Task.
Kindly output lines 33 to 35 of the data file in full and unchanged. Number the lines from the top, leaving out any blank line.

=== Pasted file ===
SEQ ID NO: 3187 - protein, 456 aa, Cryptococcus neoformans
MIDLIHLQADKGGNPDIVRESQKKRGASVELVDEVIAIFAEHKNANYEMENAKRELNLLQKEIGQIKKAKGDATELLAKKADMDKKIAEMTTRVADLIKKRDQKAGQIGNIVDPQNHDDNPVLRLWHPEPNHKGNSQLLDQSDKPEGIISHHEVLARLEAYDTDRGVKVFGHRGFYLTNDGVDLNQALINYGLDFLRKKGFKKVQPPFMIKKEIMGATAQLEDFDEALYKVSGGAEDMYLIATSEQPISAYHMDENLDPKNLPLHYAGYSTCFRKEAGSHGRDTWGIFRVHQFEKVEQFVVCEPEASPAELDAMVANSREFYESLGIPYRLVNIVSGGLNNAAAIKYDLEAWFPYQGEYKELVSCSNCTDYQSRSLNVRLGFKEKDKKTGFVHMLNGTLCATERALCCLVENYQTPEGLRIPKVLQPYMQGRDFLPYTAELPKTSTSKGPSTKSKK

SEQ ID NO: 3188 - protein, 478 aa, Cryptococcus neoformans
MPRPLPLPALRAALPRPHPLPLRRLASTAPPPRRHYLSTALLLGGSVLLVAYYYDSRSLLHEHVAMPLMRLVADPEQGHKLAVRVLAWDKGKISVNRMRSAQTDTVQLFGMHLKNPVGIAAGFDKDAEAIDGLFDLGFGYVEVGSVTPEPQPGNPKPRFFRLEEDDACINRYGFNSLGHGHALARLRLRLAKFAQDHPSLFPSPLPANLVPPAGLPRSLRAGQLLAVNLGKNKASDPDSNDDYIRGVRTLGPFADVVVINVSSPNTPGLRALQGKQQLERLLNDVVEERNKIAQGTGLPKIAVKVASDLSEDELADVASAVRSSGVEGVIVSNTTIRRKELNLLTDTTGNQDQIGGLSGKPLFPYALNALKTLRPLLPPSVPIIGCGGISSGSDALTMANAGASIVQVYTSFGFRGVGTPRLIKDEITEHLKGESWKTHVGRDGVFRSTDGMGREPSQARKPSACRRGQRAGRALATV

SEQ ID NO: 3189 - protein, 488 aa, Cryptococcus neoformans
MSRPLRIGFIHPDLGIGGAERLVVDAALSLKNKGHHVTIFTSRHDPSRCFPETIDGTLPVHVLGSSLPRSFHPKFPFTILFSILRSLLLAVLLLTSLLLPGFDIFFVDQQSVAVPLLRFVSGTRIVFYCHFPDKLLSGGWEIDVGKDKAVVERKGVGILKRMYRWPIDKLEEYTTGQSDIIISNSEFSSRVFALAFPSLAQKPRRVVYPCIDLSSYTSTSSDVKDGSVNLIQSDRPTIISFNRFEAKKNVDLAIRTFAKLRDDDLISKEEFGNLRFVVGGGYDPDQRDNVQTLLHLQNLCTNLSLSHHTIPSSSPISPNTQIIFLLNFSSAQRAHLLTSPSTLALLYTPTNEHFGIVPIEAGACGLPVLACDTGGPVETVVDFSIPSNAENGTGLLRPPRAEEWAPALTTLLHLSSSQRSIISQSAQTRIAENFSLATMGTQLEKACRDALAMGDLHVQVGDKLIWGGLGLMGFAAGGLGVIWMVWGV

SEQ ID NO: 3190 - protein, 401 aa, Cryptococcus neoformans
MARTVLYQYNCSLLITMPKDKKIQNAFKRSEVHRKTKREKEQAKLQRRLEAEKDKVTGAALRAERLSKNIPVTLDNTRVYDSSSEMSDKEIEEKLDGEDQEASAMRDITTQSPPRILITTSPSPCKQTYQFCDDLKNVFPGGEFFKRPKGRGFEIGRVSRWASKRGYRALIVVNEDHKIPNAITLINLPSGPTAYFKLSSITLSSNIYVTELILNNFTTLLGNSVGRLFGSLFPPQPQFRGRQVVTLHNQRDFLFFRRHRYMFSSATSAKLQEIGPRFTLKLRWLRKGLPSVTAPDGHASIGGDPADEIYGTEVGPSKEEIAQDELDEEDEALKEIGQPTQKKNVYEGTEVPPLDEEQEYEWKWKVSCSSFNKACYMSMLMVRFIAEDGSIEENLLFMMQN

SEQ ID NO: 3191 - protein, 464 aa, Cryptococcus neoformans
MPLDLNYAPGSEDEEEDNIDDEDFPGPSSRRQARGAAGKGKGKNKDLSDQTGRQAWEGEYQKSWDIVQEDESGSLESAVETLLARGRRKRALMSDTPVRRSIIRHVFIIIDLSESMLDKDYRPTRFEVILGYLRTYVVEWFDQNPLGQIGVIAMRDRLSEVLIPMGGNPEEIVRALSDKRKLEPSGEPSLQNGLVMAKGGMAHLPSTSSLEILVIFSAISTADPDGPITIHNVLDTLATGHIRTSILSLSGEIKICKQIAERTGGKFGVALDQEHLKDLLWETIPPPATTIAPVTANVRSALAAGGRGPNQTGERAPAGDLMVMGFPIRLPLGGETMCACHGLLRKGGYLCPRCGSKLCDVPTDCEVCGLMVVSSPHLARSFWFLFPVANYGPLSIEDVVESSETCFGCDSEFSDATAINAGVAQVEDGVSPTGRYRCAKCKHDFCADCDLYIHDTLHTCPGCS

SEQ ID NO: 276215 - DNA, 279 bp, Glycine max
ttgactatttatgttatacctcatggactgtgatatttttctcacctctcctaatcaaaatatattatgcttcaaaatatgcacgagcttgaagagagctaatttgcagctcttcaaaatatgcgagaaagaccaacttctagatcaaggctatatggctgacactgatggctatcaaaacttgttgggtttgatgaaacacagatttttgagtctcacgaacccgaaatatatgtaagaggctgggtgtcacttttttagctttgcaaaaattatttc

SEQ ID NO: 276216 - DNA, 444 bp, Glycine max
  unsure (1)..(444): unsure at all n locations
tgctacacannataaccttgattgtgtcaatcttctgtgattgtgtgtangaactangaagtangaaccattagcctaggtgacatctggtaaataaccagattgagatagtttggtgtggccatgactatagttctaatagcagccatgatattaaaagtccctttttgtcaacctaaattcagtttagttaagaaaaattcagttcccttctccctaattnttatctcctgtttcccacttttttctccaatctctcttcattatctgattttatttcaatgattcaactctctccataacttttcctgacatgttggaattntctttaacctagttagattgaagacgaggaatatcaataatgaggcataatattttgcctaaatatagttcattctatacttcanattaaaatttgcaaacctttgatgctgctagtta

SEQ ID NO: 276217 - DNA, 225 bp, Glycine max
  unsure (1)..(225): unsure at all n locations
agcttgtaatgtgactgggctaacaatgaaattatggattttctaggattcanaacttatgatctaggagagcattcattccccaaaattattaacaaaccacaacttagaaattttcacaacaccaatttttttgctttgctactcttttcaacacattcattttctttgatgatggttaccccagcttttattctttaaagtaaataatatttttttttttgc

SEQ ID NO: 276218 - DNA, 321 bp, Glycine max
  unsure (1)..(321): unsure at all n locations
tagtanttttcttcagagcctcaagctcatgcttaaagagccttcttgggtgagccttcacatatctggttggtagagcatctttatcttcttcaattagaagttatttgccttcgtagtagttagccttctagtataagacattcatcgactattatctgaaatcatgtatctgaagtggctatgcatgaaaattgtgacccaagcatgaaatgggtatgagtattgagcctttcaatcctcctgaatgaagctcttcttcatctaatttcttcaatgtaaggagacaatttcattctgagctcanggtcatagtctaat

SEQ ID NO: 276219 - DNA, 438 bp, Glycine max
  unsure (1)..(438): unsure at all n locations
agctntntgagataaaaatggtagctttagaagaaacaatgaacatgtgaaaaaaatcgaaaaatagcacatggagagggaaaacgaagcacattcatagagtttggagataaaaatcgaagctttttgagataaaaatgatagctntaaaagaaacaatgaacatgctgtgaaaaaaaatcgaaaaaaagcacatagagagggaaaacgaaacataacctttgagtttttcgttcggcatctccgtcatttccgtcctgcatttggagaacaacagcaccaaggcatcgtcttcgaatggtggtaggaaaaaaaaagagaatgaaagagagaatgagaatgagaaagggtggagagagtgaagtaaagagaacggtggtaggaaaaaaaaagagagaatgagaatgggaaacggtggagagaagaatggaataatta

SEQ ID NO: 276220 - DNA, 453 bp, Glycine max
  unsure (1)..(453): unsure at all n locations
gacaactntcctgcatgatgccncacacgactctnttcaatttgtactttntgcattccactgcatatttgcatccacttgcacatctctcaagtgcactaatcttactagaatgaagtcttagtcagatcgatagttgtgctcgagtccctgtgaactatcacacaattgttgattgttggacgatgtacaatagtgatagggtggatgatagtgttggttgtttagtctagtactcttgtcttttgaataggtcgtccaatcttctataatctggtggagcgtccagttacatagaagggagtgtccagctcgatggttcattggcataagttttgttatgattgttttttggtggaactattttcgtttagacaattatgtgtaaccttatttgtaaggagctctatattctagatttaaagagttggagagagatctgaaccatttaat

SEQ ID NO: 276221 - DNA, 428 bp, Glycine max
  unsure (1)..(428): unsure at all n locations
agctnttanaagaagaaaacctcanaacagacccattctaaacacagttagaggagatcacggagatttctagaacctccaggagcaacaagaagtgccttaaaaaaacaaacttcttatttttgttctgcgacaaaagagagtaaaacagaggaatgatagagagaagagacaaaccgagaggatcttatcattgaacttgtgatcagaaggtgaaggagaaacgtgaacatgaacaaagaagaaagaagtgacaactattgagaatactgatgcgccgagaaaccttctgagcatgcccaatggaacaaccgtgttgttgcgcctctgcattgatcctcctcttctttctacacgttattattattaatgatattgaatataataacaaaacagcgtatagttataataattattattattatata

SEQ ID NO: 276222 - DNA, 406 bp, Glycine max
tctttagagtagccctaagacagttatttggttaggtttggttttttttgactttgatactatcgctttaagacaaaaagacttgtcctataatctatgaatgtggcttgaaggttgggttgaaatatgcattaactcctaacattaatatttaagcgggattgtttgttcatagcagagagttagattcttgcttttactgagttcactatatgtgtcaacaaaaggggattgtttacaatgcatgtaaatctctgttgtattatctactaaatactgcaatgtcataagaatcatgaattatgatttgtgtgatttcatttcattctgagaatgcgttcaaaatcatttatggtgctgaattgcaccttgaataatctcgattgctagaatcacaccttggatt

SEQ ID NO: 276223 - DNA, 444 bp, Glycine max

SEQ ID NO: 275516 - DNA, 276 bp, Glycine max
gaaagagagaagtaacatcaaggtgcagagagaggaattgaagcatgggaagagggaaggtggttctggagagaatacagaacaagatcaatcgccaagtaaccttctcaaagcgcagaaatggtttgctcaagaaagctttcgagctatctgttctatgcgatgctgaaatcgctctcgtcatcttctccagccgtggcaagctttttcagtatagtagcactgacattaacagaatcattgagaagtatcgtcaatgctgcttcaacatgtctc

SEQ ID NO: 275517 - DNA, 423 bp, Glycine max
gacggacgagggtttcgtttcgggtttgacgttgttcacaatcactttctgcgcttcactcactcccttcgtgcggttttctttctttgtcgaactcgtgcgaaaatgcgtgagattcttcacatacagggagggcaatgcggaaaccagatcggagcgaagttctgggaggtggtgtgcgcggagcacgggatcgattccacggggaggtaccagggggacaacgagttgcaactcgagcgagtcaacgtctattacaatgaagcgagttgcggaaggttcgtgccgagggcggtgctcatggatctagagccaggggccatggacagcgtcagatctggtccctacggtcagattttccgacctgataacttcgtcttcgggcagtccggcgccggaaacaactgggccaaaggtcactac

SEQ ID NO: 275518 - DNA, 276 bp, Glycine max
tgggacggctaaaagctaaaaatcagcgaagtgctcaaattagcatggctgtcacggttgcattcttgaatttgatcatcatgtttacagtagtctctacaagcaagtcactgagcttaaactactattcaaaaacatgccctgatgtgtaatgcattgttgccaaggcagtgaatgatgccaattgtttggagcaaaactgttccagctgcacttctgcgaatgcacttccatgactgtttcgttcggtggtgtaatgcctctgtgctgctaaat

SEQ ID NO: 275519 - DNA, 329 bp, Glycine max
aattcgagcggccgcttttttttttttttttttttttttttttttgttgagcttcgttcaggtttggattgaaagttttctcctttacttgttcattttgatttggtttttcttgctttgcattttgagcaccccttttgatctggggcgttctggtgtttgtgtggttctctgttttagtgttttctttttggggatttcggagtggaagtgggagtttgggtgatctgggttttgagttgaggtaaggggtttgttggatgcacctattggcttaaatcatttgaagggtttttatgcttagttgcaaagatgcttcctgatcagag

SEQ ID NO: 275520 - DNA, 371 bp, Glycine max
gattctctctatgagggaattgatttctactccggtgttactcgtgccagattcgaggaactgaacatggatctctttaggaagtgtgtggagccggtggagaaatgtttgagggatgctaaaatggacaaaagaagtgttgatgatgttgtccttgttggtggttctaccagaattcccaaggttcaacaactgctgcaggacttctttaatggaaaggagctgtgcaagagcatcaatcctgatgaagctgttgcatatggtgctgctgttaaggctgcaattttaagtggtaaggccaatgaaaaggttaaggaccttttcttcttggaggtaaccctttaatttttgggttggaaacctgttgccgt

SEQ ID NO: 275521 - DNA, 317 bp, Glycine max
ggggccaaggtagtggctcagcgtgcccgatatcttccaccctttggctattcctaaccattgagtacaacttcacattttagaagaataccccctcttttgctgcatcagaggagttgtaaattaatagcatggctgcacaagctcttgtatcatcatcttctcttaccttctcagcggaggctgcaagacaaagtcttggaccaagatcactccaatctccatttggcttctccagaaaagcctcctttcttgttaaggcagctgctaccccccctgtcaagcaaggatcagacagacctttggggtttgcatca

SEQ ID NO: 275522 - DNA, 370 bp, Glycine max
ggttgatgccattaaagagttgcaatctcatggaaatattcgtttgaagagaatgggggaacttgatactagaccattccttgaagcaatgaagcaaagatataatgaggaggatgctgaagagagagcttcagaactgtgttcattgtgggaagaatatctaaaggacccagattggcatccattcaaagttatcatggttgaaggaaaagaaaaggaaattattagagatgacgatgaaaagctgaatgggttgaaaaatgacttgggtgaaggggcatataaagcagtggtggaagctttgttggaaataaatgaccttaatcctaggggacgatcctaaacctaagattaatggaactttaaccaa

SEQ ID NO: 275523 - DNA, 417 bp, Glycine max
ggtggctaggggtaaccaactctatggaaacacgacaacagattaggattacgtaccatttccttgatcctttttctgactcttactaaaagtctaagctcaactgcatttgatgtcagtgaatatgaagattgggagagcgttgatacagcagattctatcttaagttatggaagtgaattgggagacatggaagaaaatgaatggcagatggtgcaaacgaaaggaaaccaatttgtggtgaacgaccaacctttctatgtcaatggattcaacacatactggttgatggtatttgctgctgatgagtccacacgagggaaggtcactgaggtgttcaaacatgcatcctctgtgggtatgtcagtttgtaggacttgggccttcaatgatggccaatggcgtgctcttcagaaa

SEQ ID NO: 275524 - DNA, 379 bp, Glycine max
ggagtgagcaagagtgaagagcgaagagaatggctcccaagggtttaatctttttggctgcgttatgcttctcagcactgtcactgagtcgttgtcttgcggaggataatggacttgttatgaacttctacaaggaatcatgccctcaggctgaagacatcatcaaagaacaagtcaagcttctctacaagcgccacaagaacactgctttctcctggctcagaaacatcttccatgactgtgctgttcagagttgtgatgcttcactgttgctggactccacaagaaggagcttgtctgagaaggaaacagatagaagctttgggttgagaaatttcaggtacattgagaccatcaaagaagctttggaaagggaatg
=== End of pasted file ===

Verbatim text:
SEQ ID NO: 276223 - DNA, 444 bp, Glycine max

SEQ ID NO: 275516 - DNA, 276 bp, Glycine max
gaaagagagaagtaacatcaaggtgcagagagaggaattgaagcatgggaagagggaaggtggttctggagagaatacagaacaagatcaatcgccaagtaaccttctcaaagcgcagaaatggtttgctcaagaaagctttcgagctatctgttctatgcgatgctgaaatcgctctcgtcatcttctccagccgtggcaagctttttcagtatagtagcactgacattaacagaatcattgagaagtatcgtcaatgctgcttcaacatgtctc